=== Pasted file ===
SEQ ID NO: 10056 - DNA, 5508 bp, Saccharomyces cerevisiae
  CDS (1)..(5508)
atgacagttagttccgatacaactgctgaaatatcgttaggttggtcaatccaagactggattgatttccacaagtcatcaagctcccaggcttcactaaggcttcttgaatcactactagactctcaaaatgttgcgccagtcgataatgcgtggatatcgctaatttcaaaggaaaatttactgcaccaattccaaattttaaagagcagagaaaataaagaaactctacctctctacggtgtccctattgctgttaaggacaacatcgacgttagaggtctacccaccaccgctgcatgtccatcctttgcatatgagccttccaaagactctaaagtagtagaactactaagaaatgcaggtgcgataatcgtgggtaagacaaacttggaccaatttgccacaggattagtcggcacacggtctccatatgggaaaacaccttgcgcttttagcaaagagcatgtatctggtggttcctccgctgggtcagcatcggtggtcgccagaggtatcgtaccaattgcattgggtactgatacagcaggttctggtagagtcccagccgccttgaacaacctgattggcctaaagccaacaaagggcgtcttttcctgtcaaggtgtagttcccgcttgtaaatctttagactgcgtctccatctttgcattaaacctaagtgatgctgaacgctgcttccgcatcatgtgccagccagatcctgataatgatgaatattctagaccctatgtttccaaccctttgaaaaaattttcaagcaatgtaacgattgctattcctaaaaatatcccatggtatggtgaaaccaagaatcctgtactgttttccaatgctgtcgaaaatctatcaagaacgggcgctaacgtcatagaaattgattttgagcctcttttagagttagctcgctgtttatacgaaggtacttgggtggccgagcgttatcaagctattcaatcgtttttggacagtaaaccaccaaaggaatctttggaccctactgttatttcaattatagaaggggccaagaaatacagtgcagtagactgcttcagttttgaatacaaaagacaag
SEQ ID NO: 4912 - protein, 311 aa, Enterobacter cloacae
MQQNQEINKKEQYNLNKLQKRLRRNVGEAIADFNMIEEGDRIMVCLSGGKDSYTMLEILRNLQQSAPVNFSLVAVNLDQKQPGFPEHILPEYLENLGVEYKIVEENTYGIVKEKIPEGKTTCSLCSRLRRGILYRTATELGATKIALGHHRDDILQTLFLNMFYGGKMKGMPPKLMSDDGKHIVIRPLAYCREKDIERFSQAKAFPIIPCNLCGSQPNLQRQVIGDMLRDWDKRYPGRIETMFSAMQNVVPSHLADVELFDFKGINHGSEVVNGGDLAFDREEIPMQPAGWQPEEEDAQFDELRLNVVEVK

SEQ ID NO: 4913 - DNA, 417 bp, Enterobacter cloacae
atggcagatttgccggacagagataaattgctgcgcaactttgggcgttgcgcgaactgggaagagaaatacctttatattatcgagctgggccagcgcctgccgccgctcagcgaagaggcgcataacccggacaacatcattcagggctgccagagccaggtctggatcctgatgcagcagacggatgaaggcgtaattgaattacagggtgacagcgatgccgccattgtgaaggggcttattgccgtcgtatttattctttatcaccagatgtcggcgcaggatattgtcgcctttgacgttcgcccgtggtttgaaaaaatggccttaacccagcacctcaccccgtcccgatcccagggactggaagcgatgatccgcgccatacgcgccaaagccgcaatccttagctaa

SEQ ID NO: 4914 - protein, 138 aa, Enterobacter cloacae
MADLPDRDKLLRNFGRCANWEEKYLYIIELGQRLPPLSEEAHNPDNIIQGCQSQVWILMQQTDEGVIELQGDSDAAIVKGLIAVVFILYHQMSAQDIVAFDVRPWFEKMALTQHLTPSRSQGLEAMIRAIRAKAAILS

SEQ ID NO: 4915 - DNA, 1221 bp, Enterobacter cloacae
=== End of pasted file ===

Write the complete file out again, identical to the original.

SEQ ID NO: 10056 - DNA, 5508 bp, Saccharomyces cerevisiae
  CDS (1)..(5508)
atgacagttagttccgatacaactgctgaaatatcgttaggttggtcaatccaagactggattgatttccacaagtcatcaagctcccaggcttcactaaggcttcttgaatcactactagactctcaaaatgttgcgccagtcgataatgcgtggatatcgctaatttcaaaggaaaatttactgcaccaattccaaattttaaagagcagagaaaataaagaaactctacctctctacggtgtccctattgctgttaaggacaacatcgacgttagaggtctacccaccaccgctgcatgtccatcctttgcatatgagccttccaaagactctaaagtagtagaactactaagaaatgcaggtgcgataatcgtgggtaagacaaacttggaccaatttgccacaggattagtcggcacacggtctccatatgggaaaacaccttgcgcttttagcaaagagcatgtatctggtggttcctccgctgggtcagcatcggtggtcgccagaggtatcgtaccaattgcattgggtactgatacagcaggttctggtagagtcccagccgccttgaacaacctgattggcctaaagccaacaaagggcgtcttttcctgtcaaggtgtagttcccgcttgtaaatctttagactgcgtctccatctttgcattaaacctaagtgatgctgaacgctgcttccgcatcatgtgccagccagatcctgataatgatgaatattctagaccctatgtttccaaccctttgaaaaaattttcaagcaatgtaacgattgctattcctaaaaatatcccatggtatggtgaaaccaagaatcctgtactgttttccaatgctgtcgaaaatctatcaagaacgggcgctaacgtcatagaaattgattttgagcctcttttagagttagctcgctgtttatacgaaggtacttgggtggccgagcgttatcaagctattcaatcgtttttggacagtaaaccaccaaaggaatctttggaccctactgttatttcaattatagaaggggccaagaaatacagtgcagtagactgcttcagttttgaatacaaaagacaag
SEQ ID NO: 4912 - protein, 311 aa, Enterobacter cloacae
MQQNQEINKKEQYNLNKLQKRLRRNVGEAIADFNMIEEGDRIMVCLSGGKDSYTMLEILRNLQQSAPVNFSLVAVNLDQKQPGFPEHILPEYLENLGVEYKIVEENTYGIVKEKIPEGKTTCSLCSRLRRGILYRTATELGATKIALGHHRDDILQTLFLNMFYGGKMKGMPPKLMSDDGKHIVIRPLAYCREKDIERFSQAKAFPIIPCNLCGSQPNLQRQVIGDMLRDWDKRYPGRIETMFSAMQNVVPSHLADVELFDFKGINHGSEVVNGGDLAFDREEIPMQPAGWQPEEEDAQFDELRLNVVEVK

SEQ ID NO: 4913 - DNA, 417 bp, Enterobacter cloacae
atggcagatttgccggacagagataaattgctgcgcaactttgggcgttgcgcgaactgggaagagaaatacctttatattatcgagctgggccagcgcctgccgccgctcagcgaagaggcgcataacccggacaacatcattcagggctgccagagccaggtctggatcctgatgcagcagacggatgaaggcgtaattgaattacagggtgacagcgatgccgccattgtgaaggggcttattgccgtcgtatttattctttatcaccagatgtcggcgcaggatattgtcgcctttgacgttcgcccgtggtttgaaaaaatggccttaacccagcacctcaccccgtcccgatcccagggactggaagcgatgatccgcgccatacgcgccaaagccgcaatccttagctaa

SEQ ID NO: 4914 - protein, 138 aa, Enterobacter cloacae
MADLPDRDKLLRNFGRCANWEEKYLYIIELGQRLPPLSEEAHNPDNIIQGCQSQVWILMQQTDEGVIELQGDSDAAIVKGLIAVVFILYHQMSAQDIVAFDVRPWFEKMALTQHLTPSRSQGLEAMIRAIRAKAAILS

SEQ ID NO: 4915 - DNA, 1221 bp, Enterobacter cloacae